A lottery is a type of gambling in which a large number of tickets are sold for the chance to win prizes. The prize money can be cash, goods, services, or even real estate. The term is also used to refer to a selection made by lot from a number of applicants or competitors: The state uses a lottery to assign spaces in the campground.
The term comes from the Latin verb lotio, meaning “to throw out” or “to draw lots.” The first recorded instances of a lottery occurred in ancient China. The Chinese keno slips of the Han dynasty, dating back to 205 BC, show drawings that looked like the modern lottery drawing. Lotteries became a popular way for government to raise funds for projects. The games were popular and successful enough that they became a staple in the culture of many countries, including the United States, which has a long history of lotteries.
Lottery is a form of gambling, and like all forms of gambling, it is not without risk. People who play the lottery risk losing a significant amount of their wealth in exchange for a small chance of winning a big jackpot. However, it is not just the chance of winning that drives people to gamble. The entertainment value and other non-monetary benefits that people get out of the game also make it a rational choice for some individuals.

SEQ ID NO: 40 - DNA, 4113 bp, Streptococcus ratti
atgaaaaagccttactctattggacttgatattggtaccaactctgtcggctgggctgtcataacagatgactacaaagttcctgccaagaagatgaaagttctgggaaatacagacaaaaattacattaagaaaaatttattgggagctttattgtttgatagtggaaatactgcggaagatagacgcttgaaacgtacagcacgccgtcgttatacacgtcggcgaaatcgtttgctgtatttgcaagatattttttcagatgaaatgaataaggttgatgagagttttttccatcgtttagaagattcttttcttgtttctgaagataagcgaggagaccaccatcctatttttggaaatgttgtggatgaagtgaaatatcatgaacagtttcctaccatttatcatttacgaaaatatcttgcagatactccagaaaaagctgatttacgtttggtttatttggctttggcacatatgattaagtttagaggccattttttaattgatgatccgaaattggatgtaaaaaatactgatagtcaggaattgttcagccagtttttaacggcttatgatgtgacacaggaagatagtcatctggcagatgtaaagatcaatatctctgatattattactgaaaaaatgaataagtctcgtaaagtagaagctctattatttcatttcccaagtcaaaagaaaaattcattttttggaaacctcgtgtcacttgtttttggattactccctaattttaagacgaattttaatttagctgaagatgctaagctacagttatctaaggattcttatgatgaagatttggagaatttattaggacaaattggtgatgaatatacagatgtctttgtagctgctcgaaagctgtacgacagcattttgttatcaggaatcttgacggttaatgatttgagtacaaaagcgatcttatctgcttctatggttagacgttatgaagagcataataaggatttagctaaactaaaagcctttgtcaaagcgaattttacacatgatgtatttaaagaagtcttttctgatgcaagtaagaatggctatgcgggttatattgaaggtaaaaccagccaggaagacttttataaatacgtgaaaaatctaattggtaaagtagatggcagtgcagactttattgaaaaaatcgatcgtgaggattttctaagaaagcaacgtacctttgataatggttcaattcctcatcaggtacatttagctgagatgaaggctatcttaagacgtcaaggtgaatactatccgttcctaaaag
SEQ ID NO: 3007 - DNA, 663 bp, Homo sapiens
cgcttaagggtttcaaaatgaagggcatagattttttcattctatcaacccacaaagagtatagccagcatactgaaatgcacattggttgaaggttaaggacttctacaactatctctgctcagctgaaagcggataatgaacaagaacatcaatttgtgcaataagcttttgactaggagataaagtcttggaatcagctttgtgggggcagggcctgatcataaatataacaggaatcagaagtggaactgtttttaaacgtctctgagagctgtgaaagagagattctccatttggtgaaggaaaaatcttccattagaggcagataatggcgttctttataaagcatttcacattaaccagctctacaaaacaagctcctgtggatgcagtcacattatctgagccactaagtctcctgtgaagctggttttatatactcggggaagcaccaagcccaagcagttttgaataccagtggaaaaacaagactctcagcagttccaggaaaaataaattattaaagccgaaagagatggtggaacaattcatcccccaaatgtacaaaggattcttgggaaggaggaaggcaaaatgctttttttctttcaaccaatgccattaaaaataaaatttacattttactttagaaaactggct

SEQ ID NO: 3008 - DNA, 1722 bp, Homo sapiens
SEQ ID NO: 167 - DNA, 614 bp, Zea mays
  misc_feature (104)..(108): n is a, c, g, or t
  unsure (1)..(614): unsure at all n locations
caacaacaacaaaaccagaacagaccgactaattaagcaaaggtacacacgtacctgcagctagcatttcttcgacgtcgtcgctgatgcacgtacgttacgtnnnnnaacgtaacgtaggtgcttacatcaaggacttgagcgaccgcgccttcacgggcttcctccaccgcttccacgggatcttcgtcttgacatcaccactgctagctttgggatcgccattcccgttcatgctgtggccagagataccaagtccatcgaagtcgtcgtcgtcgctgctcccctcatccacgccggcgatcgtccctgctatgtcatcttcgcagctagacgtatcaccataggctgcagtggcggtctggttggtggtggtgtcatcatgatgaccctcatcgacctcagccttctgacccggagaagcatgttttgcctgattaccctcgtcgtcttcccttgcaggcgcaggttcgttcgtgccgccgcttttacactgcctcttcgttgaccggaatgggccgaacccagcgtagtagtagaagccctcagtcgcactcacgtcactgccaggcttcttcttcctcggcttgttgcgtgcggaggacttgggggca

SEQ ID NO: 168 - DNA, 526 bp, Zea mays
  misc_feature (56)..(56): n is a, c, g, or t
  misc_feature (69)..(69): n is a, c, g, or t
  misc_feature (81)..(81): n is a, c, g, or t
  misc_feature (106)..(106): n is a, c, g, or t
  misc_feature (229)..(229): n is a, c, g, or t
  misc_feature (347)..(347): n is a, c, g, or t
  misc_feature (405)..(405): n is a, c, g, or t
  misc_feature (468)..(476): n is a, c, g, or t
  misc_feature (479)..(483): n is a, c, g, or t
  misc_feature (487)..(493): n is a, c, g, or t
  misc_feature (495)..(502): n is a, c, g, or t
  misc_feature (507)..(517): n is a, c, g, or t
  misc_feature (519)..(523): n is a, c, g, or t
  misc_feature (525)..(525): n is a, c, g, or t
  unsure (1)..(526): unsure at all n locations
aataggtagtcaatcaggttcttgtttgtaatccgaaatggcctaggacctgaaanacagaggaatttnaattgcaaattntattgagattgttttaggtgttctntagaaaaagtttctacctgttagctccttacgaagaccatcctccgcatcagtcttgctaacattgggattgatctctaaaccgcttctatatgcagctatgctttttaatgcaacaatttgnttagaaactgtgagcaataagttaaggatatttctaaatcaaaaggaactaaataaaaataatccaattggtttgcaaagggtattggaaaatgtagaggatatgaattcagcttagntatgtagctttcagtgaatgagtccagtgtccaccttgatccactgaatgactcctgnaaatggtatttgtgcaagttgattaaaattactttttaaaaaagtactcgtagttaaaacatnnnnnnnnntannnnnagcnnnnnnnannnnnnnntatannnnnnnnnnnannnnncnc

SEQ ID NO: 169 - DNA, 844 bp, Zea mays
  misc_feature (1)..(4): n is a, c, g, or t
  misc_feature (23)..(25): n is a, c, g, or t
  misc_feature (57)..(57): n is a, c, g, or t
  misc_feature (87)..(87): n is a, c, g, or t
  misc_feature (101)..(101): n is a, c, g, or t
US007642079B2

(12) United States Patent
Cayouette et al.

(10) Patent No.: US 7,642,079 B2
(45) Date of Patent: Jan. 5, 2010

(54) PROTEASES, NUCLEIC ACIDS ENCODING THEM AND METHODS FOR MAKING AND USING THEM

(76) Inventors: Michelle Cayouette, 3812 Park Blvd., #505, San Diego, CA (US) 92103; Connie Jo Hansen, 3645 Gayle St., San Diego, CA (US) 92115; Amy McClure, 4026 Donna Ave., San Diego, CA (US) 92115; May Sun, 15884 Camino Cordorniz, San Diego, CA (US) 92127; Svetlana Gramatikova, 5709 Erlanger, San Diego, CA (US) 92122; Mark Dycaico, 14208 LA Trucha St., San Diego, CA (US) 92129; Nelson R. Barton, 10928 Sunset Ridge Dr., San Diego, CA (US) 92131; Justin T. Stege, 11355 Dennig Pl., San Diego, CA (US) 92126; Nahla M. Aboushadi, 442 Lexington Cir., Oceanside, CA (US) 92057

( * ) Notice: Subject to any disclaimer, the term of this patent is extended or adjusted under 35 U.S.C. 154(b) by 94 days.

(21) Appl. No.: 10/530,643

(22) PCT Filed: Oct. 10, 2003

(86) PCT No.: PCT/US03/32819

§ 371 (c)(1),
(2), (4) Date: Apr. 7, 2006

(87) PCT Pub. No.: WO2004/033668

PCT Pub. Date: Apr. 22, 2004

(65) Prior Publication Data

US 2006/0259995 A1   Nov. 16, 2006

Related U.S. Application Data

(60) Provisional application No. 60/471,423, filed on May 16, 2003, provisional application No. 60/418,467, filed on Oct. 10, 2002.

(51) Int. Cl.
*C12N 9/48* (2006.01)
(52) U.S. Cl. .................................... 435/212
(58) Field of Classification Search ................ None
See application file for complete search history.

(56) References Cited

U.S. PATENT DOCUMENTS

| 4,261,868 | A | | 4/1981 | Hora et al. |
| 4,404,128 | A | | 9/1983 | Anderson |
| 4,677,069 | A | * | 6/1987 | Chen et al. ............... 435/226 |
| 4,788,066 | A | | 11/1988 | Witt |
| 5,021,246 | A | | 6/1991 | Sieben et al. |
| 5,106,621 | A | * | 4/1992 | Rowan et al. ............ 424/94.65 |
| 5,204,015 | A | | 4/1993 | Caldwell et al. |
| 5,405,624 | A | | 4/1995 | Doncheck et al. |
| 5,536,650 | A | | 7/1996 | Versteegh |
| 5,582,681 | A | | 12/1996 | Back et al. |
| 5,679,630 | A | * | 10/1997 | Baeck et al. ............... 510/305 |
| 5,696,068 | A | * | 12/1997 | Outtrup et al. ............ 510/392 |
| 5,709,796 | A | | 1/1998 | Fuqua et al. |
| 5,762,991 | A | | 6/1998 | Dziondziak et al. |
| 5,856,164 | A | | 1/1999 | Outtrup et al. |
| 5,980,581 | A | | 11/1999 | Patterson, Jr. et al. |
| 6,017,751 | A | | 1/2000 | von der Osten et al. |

It is important to know the rules of a lottery before you start playing. The best way to do this is to read the official rules and regulations of a specific lottery. Then, make sure you understand the different types of prizes that are offered and how they are awarded. Finally, check the rules and regulations of your state to ensure that you are not violating any laws.
Choosing the correct numbers is a crucial part of winning a lottery. Some players choose to stick with their lucky numbers, while others use a system of picking numbers that are hot or overdue. These strategies can improve your chances of winning, but it is important to remember that all numbers have the same odds of being chosen.
There are other ways to increase your chances of winning a lottery, such as by purchasing more tickets. It is also helpful to play in groups with other people, as this can reduce the cost of purchasing tickets and improve your chances of winning. Additionally, it is a good idea to avoid selecting numbers that have sentimental value, such as the dates of your birthday or anniversaries.
While it is easy to see why lottery is a popular form of gambling, there are also some issues with the way that governments promote it. While it is true that lotteries generate revenue for state budgets, the question remains whether this is a fair trade-off for the potential for addiction and financial ruin that it creates in its players. Ultimately, it is up to the individual to decide if a lottery is worth the cost of gambling addiction.